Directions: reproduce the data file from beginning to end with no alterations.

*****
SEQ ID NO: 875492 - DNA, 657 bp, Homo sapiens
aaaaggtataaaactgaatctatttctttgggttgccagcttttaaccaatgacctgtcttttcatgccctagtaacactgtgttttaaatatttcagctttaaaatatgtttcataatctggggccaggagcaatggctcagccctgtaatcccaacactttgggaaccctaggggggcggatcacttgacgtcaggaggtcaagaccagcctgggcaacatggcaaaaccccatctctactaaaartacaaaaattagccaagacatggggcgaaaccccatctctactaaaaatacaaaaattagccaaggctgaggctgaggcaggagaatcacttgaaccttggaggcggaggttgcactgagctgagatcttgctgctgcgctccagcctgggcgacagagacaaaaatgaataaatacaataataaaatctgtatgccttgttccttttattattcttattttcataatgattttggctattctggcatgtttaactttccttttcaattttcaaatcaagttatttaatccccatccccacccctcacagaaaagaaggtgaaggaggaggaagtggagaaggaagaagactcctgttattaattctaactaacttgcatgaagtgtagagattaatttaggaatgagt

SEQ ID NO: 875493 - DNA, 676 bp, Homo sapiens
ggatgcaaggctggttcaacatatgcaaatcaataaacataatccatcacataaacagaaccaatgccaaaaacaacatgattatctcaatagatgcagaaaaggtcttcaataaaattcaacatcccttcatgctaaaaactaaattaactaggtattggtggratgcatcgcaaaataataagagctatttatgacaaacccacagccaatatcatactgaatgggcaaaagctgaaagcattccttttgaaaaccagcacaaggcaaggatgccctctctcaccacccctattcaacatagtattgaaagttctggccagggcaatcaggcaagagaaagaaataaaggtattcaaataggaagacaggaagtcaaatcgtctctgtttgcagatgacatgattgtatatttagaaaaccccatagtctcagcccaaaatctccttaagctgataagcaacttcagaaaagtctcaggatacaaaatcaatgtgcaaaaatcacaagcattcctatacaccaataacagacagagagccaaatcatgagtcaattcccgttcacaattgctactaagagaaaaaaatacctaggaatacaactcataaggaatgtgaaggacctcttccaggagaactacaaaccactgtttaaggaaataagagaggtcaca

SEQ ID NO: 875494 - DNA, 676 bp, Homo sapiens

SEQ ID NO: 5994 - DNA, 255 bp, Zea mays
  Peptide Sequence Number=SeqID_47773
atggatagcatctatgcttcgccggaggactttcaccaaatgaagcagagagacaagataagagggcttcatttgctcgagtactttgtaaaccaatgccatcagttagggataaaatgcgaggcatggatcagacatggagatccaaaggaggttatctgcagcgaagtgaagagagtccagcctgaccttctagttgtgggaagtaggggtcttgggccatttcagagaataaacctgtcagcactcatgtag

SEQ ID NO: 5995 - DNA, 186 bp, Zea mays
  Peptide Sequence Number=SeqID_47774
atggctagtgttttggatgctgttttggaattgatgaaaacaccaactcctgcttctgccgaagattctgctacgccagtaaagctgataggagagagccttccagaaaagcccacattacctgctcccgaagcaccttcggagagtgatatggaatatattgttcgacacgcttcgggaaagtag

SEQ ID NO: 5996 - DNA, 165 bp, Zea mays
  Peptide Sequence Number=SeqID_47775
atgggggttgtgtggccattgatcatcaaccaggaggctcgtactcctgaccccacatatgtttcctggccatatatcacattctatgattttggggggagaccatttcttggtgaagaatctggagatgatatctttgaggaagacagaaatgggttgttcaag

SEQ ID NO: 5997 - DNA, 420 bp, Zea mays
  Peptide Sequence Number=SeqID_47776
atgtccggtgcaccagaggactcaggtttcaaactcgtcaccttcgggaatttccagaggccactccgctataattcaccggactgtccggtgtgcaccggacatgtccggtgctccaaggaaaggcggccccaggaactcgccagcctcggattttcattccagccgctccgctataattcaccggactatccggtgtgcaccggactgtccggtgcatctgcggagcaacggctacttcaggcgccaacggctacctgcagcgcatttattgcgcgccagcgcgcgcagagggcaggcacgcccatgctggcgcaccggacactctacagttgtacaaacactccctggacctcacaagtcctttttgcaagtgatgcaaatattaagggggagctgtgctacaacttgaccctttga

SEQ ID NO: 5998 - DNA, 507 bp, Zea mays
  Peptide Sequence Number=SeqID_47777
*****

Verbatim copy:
SEQ ID NO: 875492 - DNA, 657 bp, Homo sapiens
aaaaggtataaaactgaatctatttctttgggttgccagcttttaaccaatgacctgtcttttcatgccctagtaacactgtgttttaaatatttcagctttaaaatatgtttcataatctggggccaggagcaatggctcagccctgtaatcccaacactttgggaaccctaggggggcggatcacttgacgtcaggaggtcaagaccagcctgggcaacatggcaaaaccccatctctactaaaartacaaaaattagccaagacatggggcgaaaccccatctctactaaaaatacaaaaattagccaaggctgaggctgaggcaggagaatcacttgaaccttggaggcggaggttgcactgagctgagatcttgctgctgcgctccagcctgggcgacagagacaaaaatgaataaatacaataataaaatctgtatgccttgttccttttattattcttattttcataatgattttggctattctggcatgtttaactttccttttcaattttcaaatcaagttatttaatccccatccccacccctcacagaaaagaaggtgaaggaggaggaagtggagaaggaagaagactcctgttattaattctaactaacttgcatgaagtgtagagattaatttaggaatgagt

SEQ ID NO: 875493 - DNA, 676 bp, Homo sapiens
ggatgcaaggctggttcaacatatgcaaatcaataaacataatccatcacataaacagaaccaatgccaaaaacaacatgattatctcaatagatgcagaaaaggtcttcaataaaattcaacatcccttcatgctaaaaactaaattaactaggtattggtggratgcatcgcaaaataataagagctatttatgacaaacccacagccaatatcatactgaatgggcaaaagctgaaagcattccttttgaaaaccagcacaaggcaaggatgccctctctcaccacccctattcaacatagtattgaaagttctggccagggcaatcaggcaagagaaagaaataaaggtattcaaataggaagacaggaagtcaaatcgtctctgtttgcagatgacatgattgtatatttagaaaaccccatagtctcagcccaaaatctccttaagctgataagcaacttcagaaaagtctcaggatacaaaatcaatgtgcaaaaatcacaagcattcctatacaccaataacagacagagagccaaatcatgagtcaattcccgttcacaattgctactaagagaaaaaaatacctaggaatacaactcataaggaatgtgaaggacctcttccaggagaactacaaaccactgtttaaggaaataagagaggtcaca

SEQ ID NO: 875494 - DNA, 676 bp, Homo sapiens

SEQ ID NO: 5994 - DNA, 255 bp, Zea mays
  Peptide Sequence Number=SeqID_47773
atggatagcatctatgcttcgccggaggactttcaccaaatgaagcagagagacaagataagagggcttcatttgctcgagtactttgtaaaccaatgccatcagttagggataaaatgcgaggcatggatcagacatggagatccaaaggaggttatctgcagcgaagtgaagagagtccagcctgaccttctagttgtgggaagtaggggtcttgggccatttcagagaataaacctgtcagcactcatgtag

SEQ ID NO: 5995 - DNA, 186 bp, Zea mays
  Peptide Sequence Number=SeqID_47774
atggctagtgttttggatgctgttttggaattgatgaaaacaccaactcctgcttctgccgaagattctgctacgccagtaaagctgataggagagagccttccagaaaagcccacattacctgctcccgaagcaccttcggagagtgatatggaatatattgttcgacacgcttcgggaaagtag

SEQ ID NO: 5996 - DNA, 165 bp, Zea mays
  Peptide Sequence Number=SeqID_47775
atgggggttgtgtggccattgatcatcaaccaggaggctcgtactcctgaccccacatatgtttcctggccatatatcacattctatgattttggggggagaccatttcttggtgaagaatctggagatgatatctttgaggaagacagaaatgggttgttcaag

SEQ ID NO: 5997 - DNA, 420 bp, Zea mays
  Peptide Sequence Number=SeqID_47776
atgtccggtgcaccagaggactcaggtttcaaactcgtcaccttcgggaatttccagaggccactccgctataattcaccggactgtccggtgtgcaccggacatgtccggtgctccaaggaaaggcggccccaggaactcgccagcctcggattttcattccagccgctccgctataattcaccggactatccggtgtgcaccggactgtccggtgcatctgcggagcaacggctacttcaggcgccaacggctacctgcagcgcatttattgcgcgccagcgcgcgcagagggcaggcacgcccatgctggcgcaccggacactctacagttgtacaaacactccctggacctcacaagtcctttttgcaagtgatgcaaatattaagggggagctgtgctacaacttgaccctttga

SEQ ID NO: 5998 - DNA, 507 bp, Zea mays
  Peptide Sequence Number=SeqID_47777